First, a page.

Food allergies in young children can be a stigma.
The day I chose this topic for my blog, my mom told me about an incident that had occurred with a little girl I used to babysit. Due to her age, I will be changing her name.
I used to babysit Sally* and she was highly allergic to peanuts and strawberries. As she grew older, the allergies expanded to include chocolate and eggs. She is now in middle school battling some extensive food allergies.
Sally* recently had a falling out with her best friend. Well, her best friend went to the group of friends that they both hung out with and managed to turn the girls against Sally. One day during school, they managed to chase after Sally* with peanut butter on their hands, tackled her and intended to smear peanut butter all over her face. That is, until a teacher intervened.
This is a case of allergy bullying.
Sally’s* incident is not the first case of allergy-related bullying and it won’t be the last. According to CNN Health,
“A 2010 study in the journal Annals of Allergy, Asthma & Immunology said that 35% of kids over age 5 with food allergies have endured bullying, teasing or harassment. Parents of children with food allergies reported in the study that these incidents — both physical and verbal — happened because of food allergies.”
The number of children and young adults with food allergies is growing. The study also reported that 8% of the population have at least one food allergy.
Megan Maloney, who currently lives in Virginia, was bullied about food allergies during 7th grade at a school in Cleveland, Ohio. In an interview with NPR, Maloney said,
“I believe I was the only student in the whole school with a food allergy. Everyone was informed about my allergy, so all my classmates knew I had a milk allergy, but I don’t know if they understood its severity. Being the new kid, I really didn’t fit in anyway. One day at lunch, I got up to use the restroom, leaving my lunch on the table. When I returned, several people were snickering and watching me. I reached for my open can of soda to take a drink and at the last second someone said “stop.” Several classmates had put a piece of cheese pizza in my soda. And they were very disappointed that I didn’t drink from the can.”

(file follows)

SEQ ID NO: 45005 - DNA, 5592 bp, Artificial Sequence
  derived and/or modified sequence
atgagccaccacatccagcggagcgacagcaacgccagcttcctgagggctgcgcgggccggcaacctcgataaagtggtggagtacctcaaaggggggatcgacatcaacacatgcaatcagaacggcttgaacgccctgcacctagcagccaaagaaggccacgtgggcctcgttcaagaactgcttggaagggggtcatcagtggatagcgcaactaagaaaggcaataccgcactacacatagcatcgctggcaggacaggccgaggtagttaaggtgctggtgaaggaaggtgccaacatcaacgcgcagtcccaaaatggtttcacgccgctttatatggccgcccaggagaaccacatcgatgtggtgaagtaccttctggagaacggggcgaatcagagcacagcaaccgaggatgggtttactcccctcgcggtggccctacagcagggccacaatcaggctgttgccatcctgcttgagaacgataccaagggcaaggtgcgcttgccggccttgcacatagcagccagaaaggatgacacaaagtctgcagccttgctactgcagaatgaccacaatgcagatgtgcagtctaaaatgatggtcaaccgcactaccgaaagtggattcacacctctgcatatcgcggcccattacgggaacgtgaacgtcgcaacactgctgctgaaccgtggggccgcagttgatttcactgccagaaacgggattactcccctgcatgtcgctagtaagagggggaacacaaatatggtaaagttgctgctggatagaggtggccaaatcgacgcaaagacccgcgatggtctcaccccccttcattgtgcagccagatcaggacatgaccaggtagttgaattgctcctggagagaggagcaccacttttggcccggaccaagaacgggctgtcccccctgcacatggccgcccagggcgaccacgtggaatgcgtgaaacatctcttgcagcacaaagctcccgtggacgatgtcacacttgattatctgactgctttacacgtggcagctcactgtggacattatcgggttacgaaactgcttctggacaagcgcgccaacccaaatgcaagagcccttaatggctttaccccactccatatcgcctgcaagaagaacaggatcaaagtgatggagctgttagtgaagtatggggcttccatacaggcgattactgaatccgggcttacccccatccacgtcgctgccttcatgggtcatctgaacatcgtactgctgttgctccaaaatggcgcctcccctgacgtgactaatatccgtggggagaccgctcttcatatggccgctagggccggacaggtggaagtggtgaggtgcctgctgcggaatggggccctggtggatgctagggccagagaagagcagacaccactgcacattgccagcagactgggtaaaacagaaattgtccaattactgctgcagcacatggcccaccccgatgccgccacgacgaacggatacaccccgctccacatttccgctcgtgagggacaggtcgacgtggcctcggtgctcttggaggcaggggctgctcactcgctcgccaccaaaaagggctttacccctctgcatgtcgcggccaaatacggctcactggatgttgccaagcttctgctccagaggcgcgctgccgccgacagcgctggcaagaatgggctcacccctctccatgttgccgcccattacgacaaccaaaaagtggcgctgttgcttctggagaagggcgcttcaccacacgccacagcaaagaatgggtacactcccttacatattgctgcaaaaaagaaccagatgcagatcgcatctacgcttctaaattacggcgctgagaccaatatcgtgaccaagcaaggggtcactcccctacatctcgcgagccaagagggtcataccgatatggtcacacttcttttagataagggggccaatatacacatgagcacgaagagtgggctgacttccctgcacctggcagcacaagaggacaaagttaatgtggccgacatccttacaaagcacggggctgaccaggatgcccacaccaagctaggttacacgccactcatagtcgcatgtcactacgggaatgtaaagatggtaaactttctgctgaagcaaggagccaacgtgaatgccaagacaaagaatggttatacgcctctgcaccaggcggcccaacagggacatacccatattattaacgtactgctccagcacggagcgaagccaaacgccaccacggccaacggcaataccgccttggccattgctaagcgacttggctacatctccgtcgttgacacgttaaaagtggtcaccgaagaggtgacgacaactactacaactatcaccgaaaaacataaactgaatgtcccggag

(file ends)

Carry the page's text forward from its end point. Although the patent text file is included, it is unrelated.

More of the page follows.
Megan had not alerted teachers of her food allergies because she wanted to fit in. She begged her mother to not report the kids who had done this to her soda. In the end, her mother and Megan worked out a system to never leave her food unsupervised.
As of right now, there is no cure. Allergy shots exist but those are for environmental allergies. The only thing that can be done is to keep Epinephrine Auto-Injector (EPIPEN) on you or your child.
I have included a PSA from FARE below. I have also attached a related article to victims of food bullying speaking out and listed the sources that I have used in this post.
King, Barbara J. “Bullied With Food: Another Risk for Kids with Food Allergies.” NPR. N.p., 27 June 2013. Google. Web. 20 July 2013. <http://www.npr.org/blogs/13.7/2013/06/27/195557402/bullied-with-food-another-risk-for-kids-with-food-allergies>.
Landau, Elizabeth. “Allergy bullying: When food is a weapon.” CNN Health. N.p., 7 Jan. 2013. Google. Web. 20 July 2013. <http://www.cnn.com/2013/01/05/health/bullying-food-allergies>.